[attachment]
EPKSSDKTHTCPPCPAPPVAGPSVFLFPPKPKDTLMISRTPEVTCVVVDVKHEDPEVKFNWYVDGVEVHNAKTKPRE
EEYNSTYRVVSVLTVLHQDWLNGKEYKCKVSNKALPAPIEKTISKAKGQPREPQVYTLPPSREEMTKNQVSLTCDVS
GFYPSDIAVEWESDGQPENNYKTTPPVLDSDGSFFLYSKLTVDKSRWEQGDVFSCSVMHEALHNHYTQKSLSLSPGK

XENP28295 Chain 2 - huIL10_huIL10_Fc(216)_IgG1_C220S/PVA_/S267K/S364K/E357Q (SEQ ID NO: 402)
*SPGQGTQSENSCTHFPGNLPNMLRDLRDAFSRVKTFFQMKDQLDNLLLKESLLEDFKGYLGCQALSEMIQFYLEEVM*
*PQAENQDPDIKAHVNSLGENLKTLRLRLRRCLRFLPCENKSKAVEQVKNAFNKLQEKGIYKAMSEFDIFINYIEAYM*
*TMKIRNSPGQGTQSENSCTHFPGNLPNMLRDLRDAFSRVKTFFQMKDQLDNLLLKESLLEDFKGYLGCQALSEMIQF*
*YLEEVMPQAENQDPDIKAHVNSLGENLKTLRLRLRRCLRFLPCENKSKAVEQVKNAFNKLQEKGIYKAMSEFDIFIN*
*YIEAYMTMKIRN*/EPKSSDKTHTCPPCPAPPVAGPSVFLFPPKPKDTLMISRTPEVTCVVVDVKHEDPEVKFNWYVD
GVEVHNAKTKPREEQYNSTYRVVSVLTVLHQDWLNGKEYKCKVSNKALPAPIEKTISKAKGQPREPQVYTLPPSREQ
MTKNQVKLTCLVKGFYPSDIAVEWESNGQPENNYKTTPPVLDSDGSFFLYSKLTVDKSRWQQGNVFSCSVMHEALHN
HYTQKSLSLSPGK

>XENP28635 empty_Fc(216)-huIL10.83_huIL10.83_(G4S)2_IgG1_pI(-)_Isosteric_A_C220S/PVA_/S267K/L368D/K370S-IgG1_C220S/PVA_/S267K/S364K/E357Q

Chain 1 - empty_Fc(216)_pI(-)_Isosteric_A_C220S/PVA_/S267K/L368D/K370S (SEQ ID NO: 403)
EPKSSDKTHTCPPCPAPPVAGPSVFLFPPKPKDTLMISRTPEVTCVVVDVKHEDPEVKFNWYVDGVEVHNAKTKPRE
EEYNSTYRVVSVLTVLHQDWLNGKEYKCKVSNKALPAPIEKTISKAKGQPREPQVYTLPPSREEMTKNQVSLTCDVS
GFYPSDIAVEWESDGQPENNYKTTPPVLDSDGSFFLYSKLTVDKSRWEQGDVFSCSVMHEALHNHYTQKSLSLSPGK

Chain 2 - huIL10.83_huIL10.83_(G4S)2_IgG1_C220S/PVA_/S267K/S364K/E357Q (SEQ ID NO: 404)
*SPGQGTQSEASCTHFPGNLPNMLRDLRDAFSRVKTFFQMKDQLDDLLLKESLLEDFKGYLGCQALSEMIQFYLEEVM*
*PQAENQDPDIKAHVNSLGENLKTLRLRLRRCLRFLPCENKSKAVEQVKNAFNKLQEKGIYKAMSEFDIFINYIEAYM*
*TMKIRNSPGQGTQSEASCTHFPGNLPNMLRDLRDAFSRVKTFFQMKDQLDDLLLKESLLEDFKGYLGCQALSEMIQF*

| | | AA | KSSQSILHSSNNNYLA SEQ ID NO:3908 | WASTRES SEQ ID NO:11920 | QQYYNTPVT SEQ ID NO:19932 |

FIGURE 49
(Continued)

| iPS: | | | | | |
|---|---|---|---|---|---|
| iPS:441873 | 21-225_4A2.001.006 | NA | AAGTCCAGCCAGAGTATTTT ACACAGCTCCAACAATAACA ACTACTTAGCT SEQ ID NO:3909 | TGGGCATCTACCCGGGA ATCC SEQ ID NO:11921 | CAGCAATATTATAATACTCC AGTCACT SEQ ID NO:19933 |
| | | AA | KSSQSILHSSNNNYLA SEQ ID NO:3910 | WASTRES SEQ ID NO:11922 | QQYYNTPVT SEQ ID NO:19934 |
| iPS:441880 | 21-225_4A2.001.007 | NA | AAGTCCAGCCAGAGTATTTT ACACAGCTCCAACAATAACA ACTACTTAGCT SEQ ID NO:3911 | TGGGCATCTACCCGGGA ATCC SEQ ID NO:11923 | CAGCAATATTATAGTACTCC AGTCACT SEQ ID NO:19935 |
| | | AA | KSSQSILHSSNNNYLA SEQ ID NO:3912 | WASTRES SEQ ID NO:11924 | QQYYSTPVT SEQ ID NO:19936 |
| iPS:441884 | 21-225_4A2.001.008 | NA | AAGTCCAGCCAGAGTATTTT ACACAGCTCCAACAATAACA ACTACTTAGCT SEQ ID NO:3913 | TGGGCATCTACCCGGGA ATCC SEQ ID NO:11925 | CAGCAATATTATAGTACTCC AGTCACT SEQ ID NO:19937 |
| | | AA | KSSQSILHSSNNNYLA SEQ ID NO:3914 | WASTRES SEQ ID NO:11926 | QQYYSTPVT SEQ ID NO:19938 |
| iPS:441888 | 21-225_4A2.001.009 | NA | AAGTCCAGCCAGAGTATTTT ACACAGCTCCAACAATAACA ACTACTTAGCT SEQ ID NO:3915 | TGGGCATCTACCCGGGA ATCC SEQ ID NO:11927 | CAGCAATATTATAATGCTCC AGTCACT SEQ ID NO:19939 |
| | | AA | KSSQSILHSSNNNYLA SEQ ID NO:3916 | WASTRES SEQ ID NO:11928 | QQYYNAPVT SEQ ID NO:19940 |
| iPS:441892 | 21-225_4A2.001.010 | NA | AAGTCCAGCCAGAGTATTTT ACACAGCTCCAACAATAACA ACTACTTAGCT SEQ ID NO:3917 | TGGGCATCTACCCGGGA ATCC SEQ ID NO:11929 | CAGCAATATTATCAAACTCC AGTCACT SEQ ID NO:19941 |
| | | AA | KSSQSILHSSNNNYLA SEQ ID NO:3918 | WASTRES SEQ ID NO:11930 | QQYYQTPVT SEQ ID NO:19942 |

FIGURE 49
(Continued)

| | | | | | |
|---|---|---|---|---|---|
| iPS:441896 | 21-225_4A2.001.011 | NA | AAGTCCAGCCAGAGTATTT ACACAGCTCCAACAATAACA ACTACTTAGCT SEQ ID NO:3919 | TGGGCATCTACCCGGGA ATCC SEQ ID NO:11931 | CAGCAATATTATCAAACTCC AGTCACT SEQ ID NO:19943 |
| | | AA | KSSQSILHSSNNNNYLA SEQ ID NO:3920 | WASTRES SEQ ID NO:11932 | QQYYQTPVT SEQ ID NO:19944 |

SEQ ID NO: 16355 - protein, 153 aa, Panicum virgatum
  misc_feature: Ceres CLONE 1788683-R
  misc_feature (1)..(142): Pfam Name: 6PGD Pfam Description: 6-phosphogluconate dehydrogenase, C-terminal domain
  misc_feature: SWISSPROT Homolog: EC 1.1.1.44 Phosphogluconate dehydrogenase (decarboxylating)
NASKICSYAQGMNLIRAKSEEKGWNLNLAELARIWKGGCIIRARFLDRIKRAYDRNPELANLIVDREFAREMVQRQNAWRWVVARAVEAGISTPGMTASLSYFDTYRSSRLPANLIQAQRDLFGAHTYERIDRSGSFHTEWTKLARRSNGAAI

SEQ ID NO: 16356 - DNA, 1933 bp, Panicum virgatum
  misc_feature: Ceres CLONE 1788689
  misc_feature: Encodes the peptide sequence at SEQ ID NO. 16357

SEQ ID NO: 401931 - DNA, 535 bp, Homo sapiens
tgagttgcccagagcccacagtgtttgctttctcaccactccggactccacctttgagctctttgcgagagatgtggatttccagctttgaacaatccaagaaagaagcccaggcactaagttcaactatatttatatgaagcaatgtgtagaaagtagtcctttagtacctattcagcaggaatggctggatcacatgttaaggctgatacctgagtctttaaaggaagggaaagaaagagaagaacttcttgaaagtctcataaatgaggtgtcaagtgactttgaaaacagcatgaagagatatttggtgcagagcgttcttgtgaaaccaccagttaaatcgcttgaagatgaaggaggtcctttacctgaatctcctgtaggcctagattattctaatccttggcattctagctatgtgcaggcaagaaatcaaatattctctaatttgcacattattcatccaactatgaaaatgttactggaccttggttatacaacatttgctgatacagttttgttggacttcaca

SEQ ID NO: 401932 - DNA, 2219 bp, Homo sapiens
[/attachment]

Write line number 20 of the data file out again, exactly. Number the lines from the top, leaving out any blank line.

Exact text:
*PQAENQDPDIKAHVNSLGENLKTLRLRLRRCLRFLPCENKSKAVEQVKNAFNKLQEKGIYKAMSEFDIFINYIEAYM*